ESCONDIDO, Calif.- “It’s breathtaking, absolutely astounding, and there are so many dimensions [to the performance],” said Dr. Carol Frances, who attended Shen Yun Performing Arts Feb. 24 at the California Center for the Arts upon the invitation of her daughter, Allyn Van Alstyne.
Dr. Frances, a nationally recognized economist who specializes in the economics and finance of education, is the former chief economist of the American Council on Education in Washington, D.C. representing colleges and universities to the federal government. She is also chairman of the Higher Education Colloquium and is often a presenter at national and international conferences.
She said the stories portrayed in the dance pieces and the accompanying vibrant, animated backdrops were exquisite. She was also delighted by an instrumental solo with the erhu, an ancient Chinese instrument often referred to as a two-stringed, Chinese violin. The erhu dates back four thousand years. Its melodies often arouse deep emotions, striking listeners’ hearts and minds.
But it was not just Shen Yun’s artistry that delighted Dr. Frances. She was inspired by the values and traditional Chinese culture conveyed in the performance.
China was once known as the Shen Zhou, “Divine Land,” with the belief that its rich culture was a gift from the heavens. Shen Yun, formed by a group of leading overseas artists in New York, seeks to revive the divinely inspired culture through story-based dance and music.
According to Shen Yun’s website, “Sophisticated dance techniques, an orchestra joining instruments from both the East and West, beautiful costumes, and a stunning backdrop—this is Shen Yun at first glance. But digging deeper, one discovers a sea of traditional Chinese culture. Mortals and divine beings merge on stage as one. Principles such as benevolence and justice, propriety and wisdom, respect for the heavens, and divine retribution, all come to life, washing over the audience.”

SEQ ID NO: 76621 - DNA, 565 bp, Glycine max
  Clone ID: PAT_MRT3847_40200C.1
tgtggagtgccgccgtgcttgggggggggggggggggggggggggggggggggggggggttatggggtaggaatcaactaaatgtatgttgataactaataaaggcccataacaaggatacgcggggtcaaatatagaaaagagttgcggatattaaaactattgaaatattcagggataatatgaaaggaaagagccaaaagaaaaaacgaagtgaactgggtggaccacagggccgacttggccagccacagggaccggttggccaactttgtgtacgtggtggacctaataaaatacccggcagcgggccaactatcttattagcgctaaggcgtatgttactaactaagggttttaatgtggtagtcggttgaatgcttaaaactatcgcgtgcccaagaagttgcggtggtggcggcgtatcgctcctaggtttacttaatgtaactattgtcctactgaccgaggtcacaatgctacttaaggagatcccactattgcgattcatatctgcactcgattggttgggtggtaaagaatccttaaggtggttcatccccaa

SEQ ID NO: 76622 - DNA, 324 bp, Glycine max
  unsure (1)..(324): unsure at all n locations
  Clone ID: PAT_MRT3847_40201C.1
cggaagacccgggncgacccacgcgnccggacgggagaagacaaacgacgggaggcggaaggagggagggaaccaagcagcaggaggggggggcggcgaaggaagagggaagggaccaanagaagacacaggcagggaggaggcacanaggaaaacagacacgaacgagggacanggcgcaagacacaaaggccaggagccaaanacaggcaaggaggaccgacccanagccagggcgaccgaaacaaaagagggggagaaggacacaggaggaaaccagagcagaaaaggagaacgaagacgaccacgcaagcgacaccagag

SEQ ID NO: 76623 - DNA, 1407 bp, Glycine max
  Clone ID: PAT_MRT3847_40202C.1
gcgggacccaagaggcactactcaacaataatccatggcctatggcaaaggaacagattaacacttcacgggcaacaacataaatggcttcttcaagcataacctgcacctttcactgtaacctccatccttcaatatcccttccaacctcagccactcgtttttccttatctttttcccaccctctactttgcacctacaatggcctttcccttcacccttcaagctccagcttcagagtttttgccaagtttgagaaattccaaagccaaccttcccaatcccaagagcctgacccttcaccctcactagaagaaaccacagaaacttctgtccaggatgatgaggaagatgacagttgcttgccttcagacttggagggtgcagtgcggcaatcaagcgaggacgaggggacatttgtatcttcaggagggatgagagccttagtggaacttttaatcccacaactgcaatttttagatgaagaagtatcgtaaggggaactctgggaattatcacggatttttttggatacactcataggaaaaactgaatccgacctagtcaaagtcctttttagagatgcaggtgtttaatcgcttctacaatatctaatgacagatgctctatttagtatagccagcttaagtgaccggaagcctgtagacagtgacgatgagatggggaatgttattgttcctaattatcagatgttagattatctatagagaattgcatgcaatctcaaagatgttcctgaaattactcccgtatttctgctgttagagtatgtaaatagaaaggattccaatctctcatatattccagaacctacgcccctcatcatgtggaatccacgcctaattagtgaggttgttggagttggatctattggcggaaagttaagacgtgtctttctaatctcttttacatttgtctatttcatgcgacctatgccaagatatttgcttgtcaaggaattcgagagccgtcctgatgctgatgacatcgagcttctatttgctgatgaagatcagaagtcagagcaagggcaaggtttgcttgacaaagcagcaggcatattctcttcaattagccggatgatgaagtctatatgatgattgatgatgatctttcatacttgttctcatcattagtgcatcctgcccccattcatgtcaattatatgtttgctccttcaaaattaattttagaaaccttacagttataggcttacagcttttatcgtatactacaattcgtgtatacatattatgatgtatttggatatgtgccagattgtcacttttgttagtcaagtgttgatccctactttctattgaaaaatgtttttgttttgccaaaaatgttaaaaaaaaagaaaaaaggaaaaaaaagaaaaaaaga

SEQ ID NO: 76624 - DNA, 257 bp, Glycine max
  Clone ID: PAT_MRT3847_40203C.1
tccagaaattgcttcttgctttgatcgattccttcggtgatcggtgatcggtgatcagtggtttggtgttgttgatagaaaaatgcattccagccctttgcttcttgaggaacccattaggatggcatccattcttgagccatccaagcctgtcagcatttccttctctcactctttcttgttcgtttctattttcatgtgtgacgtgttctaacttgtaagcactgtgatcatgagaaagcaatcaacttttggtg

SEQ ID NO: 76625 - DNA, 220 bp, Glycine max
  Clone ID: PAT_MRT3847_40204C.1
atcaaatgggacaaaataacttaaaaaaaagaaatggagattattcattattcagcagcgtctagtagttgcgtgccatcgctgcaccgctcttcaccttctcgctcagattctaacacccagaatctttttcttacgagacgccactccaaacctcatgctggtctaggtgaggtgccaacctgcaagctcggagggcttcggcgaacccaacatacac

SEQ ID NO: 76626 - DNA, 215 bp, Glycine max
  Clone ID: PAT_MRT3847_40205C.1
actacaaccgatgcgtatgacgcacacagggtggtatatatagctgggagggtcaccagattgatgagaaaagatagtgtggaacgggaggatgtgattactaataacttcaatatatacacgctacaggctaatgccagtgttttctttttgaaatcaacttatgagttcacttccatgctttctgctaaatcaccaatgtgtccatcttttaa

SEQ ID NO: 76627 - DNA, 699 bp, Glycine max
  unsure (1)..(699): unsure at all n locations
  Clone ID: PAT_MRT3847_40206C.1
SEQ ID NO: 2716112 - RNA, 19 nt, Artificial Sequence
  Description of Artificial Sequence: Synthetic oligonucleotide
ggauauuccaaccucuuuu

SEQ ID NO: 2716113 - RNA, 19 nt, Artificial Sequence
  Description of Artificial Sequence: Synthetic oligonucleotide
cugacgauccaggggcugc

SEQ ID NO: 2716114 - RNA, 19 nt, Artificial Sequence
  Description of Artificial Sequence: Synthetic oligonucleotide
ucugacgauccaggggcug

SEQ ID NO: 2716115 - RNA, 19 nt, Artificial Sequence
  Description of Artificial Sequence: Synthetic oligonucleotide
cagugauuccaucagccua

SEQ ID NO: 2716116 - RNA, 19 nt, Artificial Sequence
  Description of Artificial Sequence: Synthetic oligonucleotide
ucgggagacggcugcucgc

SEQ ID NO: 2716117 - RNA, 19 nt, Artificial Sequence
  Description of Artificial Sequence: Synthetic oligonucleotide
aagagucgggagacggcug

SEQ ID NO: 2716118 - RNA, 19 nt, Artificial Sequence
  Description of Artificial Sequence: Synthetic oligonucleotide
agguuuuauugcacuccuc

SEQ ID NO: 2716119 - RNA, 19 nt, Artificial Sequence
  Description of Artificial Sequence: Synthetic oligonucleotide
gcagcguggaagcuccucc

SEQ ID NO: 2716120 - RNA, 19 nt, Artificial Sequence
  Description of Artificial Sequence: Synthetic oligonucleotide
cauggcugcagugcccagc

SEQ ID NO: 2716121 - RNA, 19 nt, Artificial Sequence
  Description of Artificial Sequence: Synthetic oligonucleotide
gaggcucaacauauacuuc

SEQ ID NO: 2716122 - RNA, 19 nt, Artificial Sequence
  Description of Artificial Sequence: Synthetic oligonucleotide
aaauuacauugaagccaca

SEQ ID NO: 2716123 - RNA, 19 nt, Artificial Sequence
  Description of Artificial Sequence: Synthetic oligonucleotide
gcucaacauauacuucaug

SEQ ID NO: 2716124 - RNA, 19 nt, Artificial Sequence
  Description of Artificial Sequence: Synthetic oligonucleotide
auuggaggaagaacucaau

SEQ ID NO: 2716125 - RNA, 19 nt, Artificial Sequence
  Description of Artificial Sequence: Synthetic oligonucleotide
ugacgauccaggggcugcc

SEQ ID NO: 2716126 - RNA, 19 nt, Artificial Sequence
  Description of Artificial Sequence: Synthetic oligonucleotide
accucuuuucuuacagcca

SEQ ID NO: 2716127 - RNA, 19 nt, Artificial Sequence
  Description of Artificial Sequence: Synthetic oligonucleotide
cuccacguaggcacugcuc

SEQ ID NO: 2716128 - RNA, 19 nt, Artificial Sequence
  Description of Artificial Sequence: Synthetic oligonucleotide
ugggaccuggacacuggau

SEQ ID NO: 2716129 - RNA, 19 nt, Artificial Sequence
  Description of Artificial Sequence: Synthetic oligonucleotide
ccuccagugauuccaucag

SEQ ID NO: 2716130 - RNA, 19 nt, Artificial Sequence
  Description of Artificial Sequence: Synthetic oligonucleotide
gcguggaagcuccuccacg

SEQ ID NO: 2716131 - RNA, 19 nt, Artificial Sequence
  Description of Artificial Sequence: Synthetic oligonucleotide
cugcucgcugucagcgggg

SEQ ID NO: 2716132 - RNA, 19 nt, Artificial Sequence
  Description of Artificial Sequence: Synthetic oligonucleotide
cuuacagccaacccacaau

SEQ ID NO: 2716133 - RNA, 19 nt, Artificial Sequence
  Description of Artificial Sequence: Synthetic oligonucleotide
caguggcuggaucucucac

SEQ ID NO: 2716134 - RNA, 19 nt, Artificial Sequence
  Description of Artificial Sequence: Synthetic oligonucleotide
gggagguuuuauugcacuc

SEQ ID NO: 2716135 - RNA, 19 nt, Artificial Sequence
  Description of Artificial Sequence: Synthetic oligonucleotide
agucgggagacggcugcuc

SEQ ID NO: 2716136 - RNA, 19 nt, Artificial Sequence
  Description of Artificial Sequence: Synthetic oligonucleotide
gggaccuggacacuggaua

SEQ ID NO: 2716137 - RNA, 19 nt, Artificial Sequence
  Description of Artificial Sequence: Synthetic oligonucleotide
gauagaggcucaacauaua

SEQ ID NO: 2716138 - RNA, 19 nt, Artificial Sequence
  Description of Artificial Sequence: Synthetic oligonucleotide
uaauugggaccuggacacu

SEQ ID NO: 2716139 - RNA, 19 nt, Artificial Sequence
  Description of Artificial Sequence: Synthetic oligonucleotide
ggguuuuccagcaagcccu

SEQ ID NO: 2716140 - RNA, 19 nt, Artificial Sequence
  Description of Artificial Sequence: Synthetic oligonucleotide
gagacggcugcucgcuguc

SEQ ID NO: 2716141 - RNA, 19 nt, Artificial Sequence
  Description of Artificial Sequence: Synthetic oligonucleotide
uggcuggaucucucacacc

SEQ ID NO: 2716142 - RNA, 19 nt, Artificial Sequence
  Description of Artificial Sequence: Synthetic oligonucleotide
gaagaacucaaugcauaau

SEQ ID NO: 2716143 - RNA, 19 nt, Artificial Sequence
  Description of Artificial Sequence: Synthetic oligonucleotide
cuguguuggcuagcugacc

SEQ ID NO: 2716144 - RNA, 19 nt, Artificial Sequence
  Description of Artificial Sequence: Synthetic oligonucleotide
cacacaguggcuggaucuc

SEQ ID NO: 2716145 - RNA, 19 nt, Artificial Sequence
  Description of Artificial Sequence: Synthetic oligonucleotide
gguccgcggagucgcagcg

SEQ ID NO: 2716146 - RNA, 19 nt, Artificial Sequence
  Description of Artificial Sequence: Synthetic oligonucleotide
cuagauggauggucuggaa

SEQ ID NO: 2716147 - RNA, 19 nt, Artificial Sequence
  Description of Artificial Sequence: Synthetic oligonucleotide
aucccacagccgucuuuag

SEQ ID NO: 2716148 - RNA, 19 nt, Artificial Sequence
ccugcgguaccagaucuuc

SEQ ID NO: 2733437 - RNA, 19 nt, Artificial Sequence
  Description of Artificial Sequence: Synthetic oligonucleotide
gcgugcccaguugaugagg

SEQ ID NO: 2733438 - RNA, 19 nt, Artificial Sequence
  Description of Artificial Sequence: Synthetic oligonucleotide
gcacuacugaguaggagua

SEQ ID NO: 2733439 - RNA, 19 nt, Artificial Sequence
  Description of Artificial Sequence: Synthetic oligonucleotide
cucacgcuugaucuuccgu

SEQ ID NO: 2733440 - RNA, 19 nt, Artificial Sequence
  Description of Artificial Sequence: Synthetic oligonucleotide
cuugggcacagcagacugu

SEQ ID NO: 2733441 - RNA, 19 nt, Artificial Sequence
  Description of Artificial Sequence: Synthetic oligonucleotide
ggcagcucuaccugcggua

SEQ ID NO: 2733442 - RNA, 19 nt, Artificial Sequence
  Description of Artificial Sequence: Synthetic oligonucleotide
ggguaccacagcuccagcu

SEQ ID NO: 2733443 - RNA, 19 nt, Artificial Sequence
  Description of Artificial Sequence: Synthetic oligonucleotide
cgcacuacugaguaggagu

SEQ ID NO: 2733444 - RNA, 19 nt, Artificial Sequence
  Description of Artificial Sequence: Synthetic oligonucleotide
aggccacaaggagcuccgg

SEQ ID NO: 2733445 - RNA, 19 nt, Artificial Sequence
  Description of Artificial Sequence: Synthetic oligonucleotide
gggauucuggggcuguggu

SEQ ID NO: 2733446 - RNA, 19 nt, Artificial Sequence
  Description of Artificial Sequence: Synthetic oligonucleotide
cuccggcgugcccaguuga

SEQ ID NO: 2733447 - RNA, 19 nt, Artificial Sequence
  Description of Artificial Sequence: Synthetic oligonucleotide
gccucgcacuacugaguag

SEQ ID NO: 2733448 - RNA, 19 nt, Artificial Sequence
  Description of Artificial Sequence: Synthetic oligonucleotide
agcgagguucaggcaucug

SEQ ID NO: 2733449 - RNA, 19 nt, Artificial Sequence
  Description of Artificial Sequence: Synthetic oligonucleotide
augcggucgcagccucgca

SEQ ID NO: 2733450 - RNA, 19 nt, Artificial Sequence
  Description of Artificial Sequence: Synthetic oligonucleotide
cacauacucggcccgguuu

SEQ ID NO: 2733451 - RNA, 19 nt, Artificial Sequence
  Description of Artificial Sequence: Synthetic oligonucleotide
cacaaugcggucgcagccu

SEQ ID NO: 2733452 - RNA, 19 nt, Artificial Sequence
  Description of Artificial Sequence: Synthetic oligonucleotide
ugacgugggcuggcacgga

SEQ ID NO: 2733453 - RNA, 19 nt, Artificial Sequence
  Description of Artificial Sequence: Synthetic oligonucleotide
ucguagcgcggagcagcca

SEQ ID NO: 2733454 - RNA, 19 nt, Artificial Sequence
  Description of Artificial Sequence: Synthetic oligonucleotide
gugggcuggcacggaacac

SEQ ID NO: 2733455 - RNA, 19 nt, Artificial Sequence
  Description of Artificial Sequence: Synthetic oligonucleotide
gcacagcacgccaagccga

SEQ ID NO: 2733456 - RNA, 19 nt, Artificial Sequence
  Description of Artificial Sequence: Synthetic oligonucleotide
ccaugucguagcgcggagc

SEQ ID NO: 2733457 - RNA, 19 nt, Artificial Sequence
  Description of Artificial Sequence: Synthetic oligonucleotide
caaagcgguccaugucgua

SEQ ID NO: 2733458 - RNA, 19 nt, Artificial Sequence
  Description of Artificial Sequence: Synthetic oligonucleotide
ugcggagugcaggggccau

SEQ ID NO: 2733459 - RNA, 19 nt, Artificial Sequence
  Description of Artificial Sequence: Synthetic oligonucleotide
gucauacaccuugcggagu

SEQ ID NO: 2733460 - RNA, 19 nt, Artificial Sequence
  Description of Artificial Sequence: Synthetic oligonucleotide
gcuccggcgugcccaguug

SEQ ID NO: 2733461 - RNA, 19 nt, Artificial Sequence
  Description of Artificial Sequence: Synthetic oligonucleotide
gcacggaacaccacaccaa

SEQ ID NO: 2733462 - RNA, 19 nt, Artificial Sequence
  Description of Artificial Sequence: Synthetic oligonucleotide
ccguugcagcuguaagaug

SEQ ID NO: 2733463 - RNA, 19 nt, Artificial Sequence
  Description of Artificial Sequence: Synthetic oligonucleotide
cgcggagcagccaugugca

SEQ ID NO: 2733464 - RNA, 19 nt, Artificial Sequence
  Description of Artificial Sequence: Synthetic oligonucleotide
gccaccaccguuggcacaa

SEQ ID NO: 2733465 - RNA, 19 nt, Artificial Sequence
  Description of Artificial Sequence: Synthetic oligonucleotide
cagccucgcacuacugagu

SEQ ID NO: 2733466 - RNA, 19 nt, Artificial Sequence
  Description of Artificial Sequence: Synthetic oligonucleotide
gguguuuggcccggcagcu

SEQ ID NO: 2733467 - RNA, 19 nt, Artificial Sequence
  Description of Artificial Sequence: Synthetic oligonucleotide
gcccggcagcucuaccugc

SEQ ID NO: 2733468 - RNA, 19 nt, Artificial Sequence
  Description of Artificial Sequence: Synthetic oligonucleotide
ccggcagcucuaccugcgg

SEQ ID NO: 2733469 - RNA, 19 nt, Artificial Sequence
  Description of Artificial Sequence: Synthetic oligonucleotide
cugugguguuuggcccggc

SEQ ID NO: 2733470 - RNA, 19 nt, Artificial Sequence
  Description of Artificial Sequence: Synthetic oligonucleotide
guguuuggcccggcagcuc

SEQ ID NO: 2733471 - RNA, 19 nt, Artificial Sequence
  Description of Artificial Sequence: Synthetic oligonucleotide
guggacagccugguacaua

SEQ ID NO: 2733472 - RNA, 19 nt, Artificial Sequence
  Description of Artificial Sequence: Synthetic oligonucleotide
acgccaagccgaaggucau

A Shen Yun performance includes over 20 vignettes that transport audience members on a journey through Chinese civilization, where myths and legends come to life, and virtues such as bravery, compassion, kindness, loyalty, and perseverance are personified.
“There are so many values from the East that the West could benefit from [in the performance],” said Ms. Van Alstyne. “Respect, altruism, a long view of history, perfectionism and heightened achievement, and no separation between the physical and the metaphysical.”
“When you learn something that stimulates, you want to go back, and learn more,” said Dr. Frances. “There’s a lot to learn in addition to the messages. The dancers convey this strength, agility, [and] discipline.”
According to the company website, there is an inextricable connection between the arts and heaven: “Throughout history, almost every culture looked toward the divine for inspiration. Today, Shen Yun’s artists-dancers, musicians, choreographers, and composers, and the entire team-follow this noble tradition.”
“For them, this spiritual connection is the motivation for striving to excel, is the heart behind each movement of the dancer and each note of the musician. It is why audiences can feel there is something different about Shen Yun,” explains the website.
The Chinese history portrayed in the performance equally inspired Ms. Van Alstyne: “I’ll go straight to Wikipedia and do more research.”
Dr. Frances said, “I can hardly wait to see next year’s program.”
Dr. Frances’ credentials include a diploma in political studies in France, a BA in International Relations from UCLA, an MA in International Relations at Stanford and an MA in Economics from Yale, and a PhD in Economics from Duke University.
Reporting by Jane Yang and Thanh Le
New York-based Shen Yun Performing Arts has four touring companies that perform around the world. For more information, visit ShenYunPerformingArts.org.
Epoch Times considers Shen Yun Performing Arts the significant cultural event of our time. We have proudly covered audience reaction since Shen Yun’s inception in 2006